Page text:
CHAPTER 11‘So what?’ — Positioning for the future

The limitations of contextual intelligence are exposed when novel environments emerge

‘Why don’t we offer them a scenario planning project?’ I suggested to the NSW Sales Manager at Foster’s in early 2006. ‘Them’ being one of our major customers, a large hospitality and entertainment business with multiple venues throughout New South Wales. I had been in my role as National Foresight Manager for about six months, and it had often occurred to me that our growing scenarios capability was something we might be able to take to customers as a value-add offering that couldn’t be replicated by our competitors. Upcoming contract negotiations for the next term of beer pourage rights provided the perfect opportunity to test my theory. Foster’s beer brands had a minority presence in these venues, and a favourable change in trading terms would be a great win for our NSW sales team and a huge boost to the profile of foresight within Foster’s.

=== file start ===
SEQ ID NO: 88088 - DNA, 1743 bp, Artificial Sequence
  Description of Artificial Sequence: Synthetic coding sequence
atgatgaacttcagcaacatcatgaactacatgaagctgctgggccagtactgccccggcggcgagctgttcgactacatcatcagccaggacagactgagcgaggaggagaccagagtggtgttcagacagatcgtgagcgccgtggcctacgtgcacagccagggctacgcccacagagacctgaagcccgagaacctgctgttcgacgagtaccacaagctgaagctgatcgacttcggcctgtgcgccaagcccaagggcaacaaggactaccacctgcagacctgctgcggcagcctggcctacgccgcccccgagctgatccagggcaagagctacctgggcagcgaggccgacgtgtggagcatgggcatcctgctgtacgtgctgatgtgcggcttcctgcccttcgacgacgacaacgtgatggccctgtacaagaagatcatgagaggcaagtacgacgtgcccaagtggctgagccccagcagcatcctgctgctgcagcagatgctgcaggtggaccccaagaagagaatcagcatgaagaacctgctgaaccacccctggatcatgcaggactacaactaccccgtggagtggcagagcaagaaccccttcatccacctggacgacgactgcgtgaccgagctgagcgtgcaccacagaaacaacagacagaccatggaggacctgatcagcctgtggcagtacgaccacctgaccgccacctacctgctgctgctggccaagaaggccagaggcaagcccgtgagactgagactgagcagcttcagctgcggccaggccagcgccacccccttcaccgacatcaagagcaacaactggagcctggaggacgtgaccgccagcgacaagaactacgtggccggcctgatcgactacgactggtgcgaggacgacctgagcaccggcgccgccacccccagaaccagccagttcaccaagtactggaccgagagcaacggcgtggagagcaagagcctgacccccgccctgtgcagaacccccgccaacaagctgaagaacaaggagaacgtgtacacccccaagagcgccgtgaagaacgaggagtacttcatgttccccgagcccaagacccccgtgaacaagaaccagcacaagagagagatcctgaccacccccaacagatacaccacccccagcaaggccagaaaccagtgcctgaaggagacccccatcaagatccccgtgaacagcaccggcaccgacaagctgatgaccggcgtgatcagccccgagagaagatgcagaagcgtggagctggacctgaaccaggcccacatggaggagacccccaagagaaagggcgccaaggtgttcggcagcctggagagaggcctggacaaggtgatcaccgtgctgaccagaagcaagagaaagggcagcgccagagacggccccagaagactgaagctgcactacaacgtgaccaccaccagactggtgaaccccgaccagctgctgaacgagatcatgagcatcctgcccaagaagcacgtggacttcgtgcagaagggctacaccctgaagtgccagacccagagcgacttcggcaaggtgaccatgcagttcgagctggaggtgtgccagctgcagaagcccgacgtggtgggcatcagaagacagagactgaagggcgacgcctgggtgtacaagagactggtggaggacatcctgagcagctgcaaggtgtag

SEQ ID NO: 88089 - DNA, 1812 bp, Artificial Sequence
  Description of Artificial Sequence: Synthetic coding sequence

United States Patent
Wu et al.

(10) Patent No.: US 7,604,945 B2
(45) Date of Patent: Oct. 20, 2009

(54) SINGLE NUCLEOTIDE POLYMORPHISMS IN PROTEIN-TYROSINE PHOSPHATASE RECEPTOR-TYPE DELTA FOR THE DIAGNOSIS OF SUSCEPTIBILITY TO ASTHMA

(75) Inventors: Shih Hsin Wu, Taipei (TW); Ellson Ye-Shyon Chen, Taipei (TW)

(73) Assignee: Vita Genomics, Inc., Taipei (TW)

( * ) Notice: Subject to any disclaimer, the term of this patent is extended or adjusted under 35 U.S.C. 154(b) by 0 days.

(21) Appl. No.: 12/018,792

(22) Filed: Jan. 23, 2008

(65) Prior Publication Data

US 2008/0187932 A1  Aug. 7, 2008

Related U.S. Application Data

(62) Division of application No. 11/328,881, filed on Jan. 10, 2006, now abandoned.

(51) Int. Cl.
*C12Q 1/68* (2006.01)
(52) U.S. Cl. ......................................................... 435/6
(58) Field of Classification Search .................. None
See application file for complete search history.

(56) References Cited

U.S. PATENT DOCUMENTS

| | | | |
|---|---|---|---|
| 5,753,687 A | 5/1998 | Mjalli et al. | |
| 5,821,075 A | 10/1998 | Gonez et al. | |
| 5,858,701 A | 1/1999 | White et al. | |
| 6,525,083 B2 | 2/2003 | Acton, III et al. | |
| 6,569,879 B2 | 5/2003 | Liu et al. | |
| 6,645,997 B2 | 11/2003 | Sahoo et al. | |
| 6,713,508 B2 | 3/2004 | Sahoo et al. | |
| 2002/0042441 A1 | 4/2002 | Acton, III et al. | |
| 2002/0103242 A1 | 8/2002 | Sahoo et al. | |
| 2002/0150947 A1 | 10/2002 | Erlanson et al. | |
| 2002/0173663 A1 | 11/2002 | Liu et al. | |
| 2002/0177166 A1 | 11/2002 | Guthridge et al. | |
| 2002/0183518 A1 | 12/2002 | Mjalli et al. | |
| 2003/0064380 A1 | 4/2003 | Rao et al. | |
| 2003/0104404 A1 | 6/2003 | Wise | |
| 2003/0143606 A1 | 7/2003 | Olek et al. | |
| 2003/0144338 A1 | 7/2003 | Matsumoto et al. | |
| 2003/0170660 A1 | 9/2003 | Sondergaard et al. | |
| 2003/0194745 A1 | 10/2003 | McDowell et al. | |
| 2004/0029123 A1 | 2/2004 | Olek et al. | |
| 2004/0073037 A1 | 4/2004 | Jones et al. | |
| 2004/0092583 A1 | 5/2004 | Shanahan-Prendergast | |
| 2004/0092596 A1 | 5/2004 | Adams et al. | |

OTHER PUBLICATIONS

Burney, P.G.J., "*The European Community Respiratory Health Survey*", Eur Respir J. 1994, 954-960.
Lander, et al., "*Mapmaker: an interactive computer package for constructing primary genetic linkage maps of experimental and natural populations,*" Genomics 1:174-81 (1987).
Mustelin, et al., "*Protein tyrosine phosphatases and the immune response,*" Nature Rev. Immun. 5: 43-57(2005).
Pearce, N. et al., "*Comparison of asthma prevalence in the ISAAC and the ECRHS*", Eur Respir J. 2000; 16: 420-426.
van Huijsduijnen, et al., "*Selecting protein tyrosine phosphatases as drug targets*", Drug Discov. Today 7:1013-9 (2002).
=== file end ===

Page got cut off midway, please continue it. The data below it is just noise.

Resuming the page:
The client’s management were excited, so we went all out. A three-day workshop was scheduled, venues were hired, catering was ordered, and flights and accommodation booked. We even hired a university undergraduate to record the entire three days with a view to editing a short film of our efforts — a snapshot of our unprecedented collaboration. No expense was spared.

Over three days, teams comprising executives from both organisations jointly created scenarios and considered responses for the decade ...

Get Rethinking Strategy now with O’Reilly online learning.

O’Reilly members experience live online training, plus books, videos, and digital content from 200+ publishers.